Similarly, we also collected the characteristics of 5,934 adolescents aged 12–19 years (Table 2). The prevalence of overweight and obesity between adolescents aged 12–19 years were 17.8% and 23.5% respectively. We found that age, sex, race, PIR, height, weight, BMI, cotinine, total energy, physical activity and MedDiet score had significant differences between three groups. Age, sex, race, PIR, cotinine, total energy and physical activity might affect the association of diet quality scores and overweight, obesity in adolescents aged 12–19 years, which were considered as confounders.
Association of diet quality scores and overweight, obesity in children and adolescents
The relationship between diet quality assessed by HEI-2015, AHEI-2010 and MedDiet scores and overweight, obesity in children was displayed in Table 3. In unadjusted logistic regression, HEI-2015, AHEI-2010 and MedDiet scores were associated with overweight and obesity in children, respectively (Model 1). After adjusting for age, race, PIR, maternal smoking during pregnancy and total energy, HEI-2015 (OR = 0.99, 95% CI: 0.98–0.99, P = 0.014) and MedDiet scores (OR = 0.95, 95% CI: 0.91–0.99, P = 0.013) were related to the risk of overweight in children, and only MedDiet scores (OR = 0.95, 95% CI: 0.91–0.99, P = 0.009) remained associated with a decreased risk of obesity in children.
Table 3 shows that the relationship between diet quality and overweight, obesity in adolescents. The univariate logistic analysis found that there was no significant significance between diet quality and overweight, obesity in adolescents (P > 0.05). The multivariate analysis indicated that MedDiet scores were associated with a decreased risk of overweight (OR = 0.96, 95% CI: 0.91–0.99, P = 0.049), obesity in adolescents (OR = 0.95, 95% CI: 0.91–0.99, P = 0.045), respectively, after adjusting age, sex, race, PIR, cotinine, total energy and physical activity.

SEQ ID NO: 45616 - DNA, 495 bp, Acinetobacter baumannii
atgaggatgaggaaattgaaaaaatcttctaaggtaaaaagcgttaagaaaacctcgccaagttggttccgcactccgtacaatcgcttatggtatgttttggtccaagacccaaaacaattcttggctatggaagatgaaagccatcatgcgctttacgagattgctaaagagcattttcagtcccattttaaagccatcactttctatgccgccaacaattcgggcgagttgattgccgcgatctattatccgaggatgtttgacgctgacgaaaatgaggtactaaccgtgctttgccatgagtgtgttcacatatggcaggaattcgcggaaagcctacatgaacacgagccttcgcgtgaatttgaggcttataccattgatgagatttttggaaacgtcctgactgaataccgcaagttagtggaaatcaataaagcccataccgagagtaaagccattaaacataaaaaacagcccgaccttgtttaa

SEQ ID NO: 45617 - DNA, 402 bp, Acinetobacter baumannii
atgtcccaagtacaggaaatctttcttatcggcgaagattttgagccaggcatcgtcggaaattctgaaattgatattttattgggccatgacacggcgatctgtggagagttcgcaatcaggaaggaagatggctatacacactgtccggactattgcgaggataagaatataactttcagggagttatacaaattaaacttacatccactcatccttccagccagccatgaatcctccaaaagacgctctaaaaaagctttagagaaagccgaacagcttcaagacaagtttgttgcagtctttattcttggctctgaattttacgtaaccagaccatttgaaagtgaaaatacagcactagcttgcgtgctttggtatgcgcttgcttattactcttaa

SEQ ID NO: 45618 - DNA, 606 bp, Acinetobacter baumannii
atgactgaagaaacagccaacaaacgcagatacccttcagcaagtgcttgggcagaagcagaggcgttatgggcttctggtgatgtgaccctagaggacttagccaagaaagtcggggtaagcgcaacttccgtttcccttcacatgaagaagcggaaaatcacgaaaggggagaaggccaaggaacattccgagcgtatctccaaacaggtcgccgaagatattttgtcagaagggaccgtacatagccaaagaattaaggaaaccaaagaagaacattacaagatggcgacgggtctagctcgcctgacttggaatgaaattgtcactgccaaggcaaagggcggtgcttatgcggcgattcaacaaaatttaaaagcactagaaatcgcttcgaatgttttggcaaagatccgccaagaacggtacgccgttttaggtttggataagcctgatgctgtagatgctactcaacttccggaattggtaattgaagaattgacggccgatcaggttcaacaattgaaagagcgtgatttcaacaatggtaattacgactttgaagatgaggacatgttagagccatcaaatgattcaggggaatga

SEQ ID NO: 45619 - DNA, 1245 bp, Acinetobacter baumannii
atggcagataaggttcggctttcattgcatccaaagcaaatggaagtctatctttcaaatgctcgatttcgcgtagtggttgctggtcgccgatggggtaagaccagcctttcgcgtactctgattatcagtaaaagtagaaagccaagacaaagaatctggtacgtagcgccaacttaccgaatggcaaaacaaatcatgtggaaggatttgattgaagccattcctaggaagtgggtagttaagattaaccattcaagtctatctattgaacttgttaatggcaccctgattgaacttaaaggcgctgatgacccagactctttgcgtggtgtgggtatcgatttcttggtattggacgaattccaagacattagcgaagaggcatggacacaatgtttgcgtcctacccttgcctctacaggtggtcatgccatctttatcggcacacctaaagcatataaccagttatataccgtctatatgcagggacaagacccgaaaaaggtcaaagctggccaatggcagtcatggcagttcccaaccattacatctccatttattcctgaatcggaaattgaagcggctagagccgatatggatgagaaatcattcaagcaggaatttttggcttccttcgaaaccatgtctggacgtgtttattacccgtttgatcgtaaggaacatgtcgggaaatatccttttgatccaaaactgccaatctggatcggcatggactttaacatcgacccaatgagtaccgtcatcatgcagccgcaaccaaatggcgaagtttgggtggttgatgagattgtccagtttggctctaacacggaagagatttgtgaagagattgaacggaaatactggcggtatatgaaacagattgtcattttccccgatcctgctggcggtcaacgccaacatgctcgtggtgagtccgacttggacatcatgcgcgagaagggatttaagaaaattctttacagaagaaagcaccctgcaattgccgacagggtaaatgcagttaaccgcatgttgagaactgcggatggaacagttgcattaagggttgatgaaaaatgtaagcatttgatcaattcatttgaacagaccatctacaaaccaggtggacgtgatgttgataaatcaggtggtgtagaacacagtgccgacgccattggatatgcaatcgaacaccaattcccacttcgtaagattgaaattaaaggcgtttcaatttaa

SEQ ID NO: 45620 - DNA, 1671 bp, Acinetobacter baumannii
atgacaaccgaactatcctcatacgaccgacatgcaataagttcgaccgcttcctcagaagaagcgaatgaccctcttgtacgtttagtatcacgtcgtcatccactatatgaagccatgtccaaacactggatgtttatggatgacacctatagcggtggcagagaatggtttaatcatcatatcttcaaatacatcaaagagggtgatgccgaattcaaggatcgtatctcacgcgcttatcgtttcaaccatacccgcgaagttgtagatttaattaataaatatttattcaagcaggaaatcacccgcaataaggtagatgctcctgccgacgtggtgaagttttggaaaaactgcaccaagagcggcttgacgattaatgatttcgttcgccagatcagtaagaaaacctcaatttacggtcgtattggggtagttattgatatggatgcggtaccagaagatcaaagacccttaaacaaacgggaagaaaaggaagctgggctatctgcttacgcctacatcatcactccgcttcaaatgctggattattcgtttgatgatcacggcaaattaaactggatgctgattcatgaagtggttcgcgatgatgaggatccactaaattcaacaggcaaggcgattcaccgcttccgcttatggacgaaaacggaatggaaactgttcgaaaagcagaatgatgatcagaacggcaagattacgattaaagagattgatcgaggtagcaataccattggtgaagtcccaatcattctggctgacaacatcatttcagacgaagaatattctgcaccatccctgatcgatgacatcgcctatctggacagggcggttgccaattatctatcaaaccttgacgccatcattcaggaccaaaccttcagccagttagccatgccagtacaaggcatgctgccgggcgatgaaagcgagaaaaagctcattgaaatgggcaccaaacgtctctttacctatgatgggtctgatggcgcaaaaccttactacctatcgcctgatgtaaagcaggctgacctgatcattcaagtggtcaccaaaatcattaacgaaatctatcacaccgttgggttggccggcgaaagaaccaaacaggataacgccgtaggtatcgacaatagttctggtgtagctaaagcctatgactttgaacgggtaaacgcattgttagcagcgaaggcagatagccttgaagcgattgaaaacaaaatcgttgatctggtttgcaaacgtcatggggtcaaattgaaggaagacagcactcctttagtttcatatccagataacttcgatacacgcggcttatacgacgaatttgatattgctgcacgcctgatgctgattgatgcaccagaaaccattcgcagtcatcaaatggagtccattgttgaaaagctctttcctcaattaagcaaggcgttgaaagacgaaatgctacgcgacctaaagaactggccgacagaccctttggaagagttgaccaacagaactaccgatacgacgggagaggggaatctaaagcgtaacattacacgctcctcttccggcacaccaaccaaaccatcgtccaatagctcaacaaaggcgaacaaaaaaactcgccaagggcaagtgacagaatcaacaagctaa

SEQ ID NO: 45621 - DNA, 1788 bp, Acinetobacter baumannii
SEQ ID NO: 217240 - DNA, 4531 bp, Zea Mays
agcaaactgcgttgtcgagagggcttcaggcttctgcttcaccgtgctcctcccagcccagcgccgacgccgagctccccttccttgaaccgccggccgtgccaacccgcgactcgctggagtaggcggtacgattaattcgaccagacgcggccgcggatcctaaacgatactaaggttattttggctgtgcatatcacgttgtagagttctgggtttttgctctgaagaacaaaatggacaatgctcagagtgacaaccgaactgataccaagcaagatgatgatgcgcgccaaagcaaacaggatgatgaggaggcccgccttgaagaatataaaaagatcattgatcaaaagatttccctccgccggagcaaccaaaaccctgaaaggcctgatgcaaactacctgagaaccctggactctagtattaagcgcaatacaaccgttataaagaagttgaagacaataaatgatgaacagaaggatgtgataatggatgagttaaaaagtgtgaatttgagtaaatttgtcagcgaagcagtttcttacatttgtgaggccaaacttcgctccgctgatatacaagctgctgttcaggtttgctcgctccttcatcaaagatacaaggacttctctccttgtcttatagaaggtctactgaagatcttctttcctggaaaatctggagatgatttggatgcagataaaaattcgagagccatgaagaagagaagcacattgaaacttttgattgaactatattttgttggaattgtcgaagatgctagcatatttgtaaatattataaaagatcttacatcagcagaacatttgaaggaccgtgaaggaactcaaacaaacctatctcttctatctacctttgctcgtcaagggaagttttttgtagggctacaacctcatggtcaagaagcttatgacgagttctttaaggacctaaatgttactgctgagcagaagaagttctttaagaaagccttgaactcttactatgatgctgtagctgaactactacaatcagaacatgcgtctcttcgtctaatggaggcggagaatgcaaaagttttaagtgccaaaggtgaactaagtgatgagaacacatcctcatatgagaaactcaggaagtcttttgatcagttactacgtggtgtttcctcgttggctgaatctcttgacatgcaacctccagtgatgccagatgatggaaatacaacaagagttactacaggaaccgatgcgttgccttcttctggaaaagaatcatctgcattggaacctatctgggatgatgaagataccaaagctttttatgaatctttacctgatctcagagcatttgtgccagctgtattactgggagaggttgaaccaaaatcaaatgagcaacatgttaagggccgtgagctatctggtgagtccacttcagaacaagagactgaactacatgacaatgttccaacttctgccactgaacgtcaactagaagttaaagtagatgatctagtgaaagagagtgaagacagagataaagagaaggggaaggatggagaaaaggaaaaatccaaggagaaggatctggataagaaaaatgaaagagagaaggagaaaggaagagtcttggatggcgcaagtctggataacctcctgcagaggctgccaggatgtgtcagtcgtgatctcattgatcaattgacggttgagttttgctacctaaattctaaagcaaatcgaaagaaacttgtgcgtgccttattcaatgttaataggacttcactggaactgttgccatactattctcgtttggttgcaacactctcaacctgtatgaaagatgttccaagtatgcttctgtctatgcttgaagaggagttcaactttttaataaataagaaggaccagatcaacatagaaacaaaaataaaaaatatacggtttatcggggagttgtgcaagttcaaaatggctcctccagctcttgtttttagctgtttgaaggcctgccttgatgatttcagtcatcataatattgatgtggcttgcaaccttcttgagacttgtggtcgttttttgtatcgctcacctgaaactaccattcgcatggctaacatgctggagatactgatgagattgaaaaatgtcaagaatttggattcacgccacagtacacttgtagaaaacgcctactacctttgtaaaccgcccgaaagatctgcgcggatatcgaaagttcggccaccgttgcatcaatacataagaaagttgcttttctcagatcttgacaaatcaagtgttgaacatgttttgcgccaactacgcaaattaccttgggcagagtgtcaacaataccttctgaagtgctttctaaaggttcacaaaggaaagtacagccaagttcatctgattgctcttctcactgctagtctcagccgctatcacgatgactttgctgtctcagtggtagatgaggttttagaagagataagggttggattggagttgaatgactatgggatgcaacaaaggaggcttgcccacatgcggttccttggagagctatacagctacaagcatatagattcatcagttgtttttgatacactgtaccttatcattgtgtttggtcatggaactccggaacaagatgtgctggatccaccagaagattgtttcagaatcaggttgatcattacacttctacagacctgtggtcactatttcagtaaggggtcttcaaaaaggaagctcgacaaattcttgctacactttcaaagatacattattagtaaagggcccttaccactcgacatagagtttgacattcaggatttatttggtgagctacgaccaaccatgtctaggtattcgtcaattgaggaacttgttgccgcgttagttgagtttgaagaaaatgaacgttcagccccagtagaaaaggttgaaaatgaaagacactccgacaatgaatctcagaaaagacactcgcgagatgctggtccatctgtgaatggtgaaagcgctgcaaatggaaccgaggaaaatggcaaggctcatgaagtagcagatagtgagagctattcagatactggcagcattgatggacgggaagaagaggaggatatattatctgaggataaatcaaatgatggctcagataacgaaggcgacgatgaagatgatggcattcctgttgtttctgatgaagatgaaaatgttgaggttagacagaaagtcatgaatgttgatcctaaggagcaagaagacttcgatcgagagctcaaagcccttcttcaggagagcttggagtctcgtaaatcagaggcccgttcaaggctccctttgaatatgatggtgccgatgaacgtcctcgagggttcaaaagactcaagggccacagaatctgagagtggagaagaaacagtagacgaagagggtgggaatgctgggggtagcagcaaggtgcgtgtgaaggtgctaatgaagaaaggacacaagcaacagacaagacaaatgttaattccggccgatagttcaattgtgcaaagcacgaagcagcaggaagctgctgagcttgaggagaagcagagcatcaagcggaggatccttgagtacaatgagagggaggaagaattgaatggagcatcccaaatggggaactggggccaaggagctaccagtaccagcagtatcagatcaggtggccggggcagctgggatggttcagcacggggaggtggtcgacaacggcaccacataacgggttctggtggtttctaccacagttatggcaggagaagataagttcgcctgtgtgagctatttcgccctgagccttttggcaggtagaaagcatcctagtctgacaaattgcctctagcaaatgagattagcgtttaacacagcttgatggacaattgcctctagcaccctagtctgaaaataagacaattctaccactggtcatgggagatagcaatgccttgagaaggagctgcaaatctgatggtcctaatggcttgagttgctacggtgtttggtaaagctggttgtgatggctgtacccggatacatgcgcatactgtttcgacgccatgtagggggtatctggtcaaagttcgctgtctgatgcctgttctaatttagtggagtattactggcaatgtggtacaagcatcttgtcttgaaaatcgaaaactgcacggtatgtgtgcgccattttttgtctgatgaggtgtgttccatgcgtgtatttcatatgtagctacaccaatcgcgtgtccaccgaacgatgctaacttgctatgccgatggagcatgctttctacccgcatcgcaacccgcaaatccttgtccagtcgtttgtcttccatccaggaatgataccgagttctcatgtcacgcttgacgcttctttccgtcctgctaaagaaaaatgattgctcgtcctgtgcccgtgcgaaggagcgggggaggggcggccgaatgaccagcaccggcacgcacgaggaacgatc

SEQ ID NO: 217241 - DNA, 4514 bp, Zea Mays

Considering that this study focused on the risk of overweight and obesity in children and adolescents, thus the alcohol intake score in both AHEI-2010 and MedDiet were excluded. Sensitivity analysis was performed on the relationship between the AHEI-2010 and MedDiet in before and after deleting alcohol intake score and overweight and obesity in children and adolescents (Supplemental Table 3). The result showed that the diet quality scores, AHEI-2010 and MedDiet were robustly associated with the risk of overweight, obesity in children and adolescents.
Subgroup analysis based on sex
We also assessed the associations of diet quality and overweight, obesity in children and adolescents in different sex (Table 4). For male children aged 2–11 years, HEI-2015 (OR = 0.99, 95% CI: 0.98–0.99, P = 0.021) and MedDiet scores (OR = 0.92, 95% CI: 0.87–0.98, P = 0.008) were related to the risk of overweight, and there was a correlation between MedDiet score and the risk of obesity. Among male adolescents aged 12–19 years, MedDiet scores were associated with risk of overweight (OR = 0.90, 95% CI: 0.85–0.96, P < 0.001), obesity (OR = 0.94, 95% CI: 0.88–0.99, P = 0.039), respectively. Notably, we observed that the association of diet quality scores with overweight and obesity in children and adolescents was not statistically significant (P > 0.05).